travel
Santa Claus’ Finnish homeland Rovaniemi decides to go sustainable to counter climate change
Trans World Features | @twfindia | 28 Aug 2020
Santa Claus’ Finnish homeland  Rovaniemi decides to go sustainable to counter climate change
Do you know how Rovaniemi in Finland is adopting sustainable ways to mitigate the effects of climate change as the world gets ready to cater to the changing demands of tourism in the new normal world?

No, the pandemic did not spare the hometown of Santa Claus, Rovaniemi, in the heart of Lapland.

 

But there is no reason why you should not use this restricted travel phase to plan for a trip in the future, especially since local businesses are keen to promote tourism in the most sustainable and responsible way.

 

Rovaniemi, part of Finnish Lapland, is situated right on the Arctic Circle. It is also the place to enjoy the Northern Lights or the Aurora Borealis, the mysterious lights on glittering snowdrifts or catch the Midnight Sun – also known as the night less night or polar day. There are lots of things to see and do in this city located in northern Finland.

 

 

While Finland is keen to restart tourism when things turn for the better, it is also concerned that the tourism industry is equipped to handle the changing demand in the new normal phase in a most sustainable manner.

 

Because the pandemic is not the only threat to bring the world to its knees, climate change too has reached a super crisis level.

 

And Rovaniemi’s location makes it doubly vulnerable to the vagaries of climate change, which has made local businesses keen to join Visit Finland’s Sustainable Travel programme.

 

The toolkit has been designed to provide destinations and businesses with a sustainable development path, offering a range of practices and choices in their everyday business.

 

Businesses and destinations which undergo the entire programme are awarded the Sustainable Travel Finland label and can be easily identified by travellers as responsible places and outfits who can guide travellers about environment-friendly travel.

 

The Arctic TreeHouse Hotel in Rovaniemi is the first of the six Sustainable Travel Finland labels awarded to Lappish companies (as of August 3, 2020) by Visit Finland.

 

Here are some of the local companies who have been adopting sustainable practices --

 

Arctic TreeHouse Hotel was awarded the Green Key eco-label as the first private hotel in Finnish Lapland. All the buildings are made from sustainable renewable Finnish wood and they use only green energy. Each year, the staff plant 5 000–10 000 new seedlings to the surrounding forests. They also focus on the carbon footprint by measuring and improving the sustainable energy and water saving solutions, along with effective waste sorting and reduction in waste production. Restaurant menus change according to season, and the goal is to have 65 percent of the main ingredients locally produced.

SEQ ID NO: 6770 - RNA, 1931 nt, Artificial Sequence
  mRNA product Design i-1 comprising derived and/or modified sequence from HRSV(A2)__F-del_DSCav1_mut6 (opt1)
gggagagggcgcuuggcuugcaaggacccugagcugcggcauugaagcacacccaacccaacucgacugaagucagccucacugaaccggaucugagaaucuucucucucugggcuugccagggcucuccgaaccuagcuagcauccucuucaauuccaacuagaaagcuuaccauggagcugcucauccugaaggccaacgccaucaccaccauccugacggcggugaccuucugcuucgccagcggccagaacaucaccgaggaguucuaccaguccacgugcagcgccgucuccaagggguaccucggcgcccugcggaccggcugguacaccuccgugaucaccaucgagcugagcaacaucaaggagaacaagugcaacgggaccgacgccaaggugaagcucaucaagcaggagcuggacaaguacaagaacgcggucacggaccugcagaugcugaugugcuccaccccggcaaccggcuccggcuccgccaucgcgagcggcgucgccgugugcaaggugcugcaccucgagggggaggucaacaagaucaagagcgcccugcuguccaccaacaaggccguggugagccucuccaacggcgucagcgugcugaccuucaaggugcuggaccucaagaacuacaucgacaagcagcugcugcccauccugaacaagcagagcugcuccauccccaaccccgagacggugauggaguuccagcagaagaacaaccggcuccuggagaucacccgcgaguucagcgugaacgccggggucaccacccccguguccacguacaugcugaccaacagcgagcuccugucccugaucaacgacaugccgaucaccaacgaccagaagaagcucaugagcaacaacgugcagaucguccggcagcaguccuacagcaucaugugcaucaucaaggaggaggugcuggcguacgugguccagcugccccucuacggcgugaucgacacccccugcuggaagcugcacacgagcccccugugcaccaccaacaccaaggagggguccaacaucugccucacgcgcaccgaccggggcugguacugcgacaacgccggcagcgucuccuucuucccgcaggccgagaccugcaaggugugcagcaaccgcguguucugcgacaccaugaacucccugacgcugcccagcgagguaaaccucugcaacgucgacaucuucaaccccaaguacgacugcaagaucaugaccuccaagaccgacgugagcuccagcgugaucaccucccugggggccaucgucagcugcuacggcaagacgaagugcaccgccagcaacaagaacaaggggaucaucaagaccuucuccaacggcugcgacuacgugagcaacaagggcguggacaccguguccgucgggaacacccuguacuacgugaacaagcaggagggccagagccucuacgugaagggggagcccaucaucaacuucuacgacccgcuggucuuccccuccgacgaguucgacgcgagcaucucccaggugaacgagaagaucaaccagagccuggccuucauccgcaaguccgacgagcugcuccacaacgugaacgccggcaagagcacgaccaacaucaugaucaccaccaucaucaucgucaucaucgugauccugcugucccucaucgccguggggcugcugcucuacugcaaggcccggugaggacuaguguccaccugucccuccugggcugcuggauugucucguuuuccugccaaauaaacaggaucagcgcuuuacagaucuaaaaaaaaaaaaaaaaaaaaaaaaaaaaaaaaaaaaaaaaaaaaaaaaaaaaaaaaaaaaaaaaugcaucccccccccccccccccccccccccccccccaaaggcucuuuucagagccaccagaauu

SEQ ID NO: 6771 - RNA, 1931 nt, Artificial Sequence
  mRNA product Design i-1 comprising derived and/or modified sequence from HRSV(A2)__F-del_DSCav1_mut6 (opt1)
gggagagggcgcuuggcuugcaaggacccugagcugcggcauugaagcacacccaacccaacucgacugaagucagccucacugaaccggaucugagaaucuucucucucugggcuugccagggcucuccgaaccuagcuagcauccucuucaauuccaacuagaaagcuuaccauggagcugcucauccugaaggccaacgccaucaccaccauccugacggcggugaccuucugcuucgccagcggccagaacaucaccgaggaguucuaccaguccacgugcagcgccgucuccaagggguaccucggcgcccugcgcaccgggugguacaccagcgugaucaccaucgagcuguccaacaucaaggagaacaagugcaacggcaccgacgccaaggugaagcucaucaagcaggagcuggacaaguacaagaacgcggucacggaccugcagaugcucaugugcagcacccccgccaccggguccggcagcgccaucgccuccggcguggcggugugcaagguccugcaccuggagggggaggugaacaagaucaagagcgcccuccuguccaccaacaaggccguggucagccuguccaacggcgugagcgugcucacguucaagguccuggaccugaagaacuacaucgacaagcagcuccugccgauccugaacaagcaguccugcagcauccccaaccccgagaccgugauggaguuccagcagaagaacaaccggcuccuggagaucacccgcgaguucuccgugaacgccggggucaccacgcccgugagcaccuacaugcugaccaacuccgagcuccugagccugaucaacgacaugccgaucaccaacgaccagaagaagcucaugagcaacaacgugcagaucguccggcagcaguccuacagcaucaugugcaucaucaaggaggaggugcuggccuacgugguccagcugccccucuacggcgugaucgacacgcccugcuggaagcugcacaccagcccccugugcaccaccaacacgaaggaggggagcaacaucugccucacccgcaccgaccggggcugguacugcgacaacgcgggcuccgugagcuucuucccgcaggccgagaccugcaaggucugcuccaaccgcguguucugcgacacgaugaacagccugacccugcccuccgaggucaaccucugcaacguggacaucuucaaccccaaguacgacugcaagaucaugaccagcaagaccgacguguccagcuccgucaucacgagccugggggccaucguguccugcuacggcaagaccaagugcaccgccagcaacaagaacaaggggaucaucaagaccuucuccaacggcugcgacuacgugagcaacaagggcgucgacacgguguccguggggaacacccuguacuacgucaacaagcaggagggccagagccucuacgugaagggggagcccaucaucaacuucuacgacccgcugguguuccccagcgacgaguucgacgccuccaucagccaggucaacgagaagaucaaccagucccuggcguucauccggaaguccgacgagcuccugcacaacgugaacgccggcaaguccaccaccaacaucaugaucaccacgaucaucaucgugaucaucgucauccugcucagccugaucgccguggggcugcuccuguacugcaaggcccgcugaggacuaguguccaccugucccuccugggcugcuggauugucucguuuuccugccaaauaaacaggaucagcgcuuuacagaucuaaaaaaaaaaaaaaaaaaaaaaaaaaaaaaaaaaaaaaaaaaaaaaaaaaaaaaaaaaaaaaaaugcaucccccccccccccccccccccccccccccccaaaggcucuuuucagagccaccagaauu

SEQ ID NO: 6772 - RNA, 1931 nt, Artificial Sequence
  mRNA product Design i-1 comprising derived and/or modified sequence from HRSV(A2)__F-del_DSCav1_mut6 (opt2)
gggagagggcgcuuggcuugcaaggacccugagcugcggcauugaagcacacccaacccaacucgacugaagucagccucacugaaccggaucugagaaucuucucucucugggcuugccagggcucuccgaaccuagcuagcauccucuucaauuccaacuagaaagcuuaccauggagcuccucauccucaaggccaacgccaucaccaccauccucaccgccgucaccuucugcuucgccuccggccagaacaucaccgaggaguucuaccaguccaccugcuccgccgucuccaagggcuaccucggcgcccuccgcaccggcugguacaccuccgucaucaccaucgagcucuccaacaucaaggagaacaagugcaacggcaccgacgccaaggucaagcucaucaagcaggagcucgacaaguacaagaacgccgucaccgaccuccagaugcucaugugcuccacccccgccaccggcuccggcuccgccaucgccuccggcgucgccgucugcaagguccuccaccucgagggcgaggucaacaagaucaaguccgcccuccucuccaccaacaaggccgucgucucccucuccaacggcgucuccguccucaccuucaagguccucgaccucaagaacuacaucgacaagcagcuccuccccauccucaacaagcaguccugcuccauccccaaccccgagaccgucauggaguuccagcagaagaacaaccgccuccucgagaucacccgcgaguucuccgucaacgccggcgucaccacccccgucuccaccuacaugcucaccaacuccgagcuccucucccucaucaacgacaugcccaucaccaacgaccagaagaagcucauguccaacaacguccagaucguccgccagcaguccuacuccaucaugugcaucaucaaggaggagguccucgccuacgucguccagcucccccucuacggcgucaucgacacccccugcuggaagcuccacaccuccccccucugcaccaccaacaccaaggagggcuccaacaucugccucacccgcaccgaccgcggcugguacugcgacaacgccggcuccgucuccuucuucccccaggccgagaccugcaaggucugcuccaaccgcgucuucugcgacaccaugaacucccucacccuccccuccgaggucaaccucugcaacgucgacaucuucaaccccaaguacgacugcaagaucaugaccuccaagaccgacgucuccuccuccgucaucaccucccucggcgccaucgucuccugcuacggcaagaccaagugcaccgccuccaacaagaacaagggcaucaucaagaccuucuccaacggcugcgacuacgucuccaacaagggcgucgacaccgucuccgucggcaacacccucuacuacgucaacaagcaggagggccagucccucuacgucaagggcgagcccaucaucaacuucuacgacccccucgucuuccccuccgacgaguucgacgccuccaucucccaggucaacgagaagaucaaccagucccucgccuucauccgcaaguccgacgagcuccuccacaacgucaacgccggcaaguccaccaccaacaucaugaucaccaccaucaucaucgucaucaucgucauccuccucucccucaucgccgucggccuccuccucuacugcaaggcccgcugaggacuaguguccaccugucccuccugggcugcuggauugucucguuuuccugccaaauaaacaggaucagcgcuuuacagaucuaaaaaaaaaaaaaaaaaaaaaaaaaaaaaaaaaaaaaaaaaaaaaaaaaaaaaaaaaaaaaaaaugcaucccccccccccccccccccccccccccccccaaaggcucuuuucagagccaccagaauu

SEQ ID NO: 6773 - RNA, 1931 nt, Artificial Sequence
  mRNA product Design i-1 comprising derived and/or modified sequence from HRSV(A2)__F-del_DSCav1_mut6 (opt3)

Santa’s Hotels in 2019, began the process for ISO:14001 environmental certificate, to cover all their properties. The long term goal of the group’s environmental work is to reduce energy and water consumption, reduce the amount of waste, increase the sustainability of purchases and improve the management of environmental and sustainability issues as a whole.

 

 

They guide and train staff regularly and participate in several environmental projects, for example in the energy efficiency agreement of the Finnish Hotel and Restaurant Association.

 

District Rovaniemi is a responsible company offering boutique glamping experiences in Finnish Lapland.

 

Ollero Eco Lodge uses only renewable energy, and more than 80 per cent of waste is recycled, and towels and bed linen are sourced from a local laundry company that washes textiles eco-efficiently. Products (from shampoos to cutlery) are ecological and fair-trade products.

 

Arctic Snow Hotel & Glass Igloos uses materials for constructing Snow Hotel, which are sourced from the local surroundings. The ice used in structures comes from the adjacent Lake Lehtojärvi.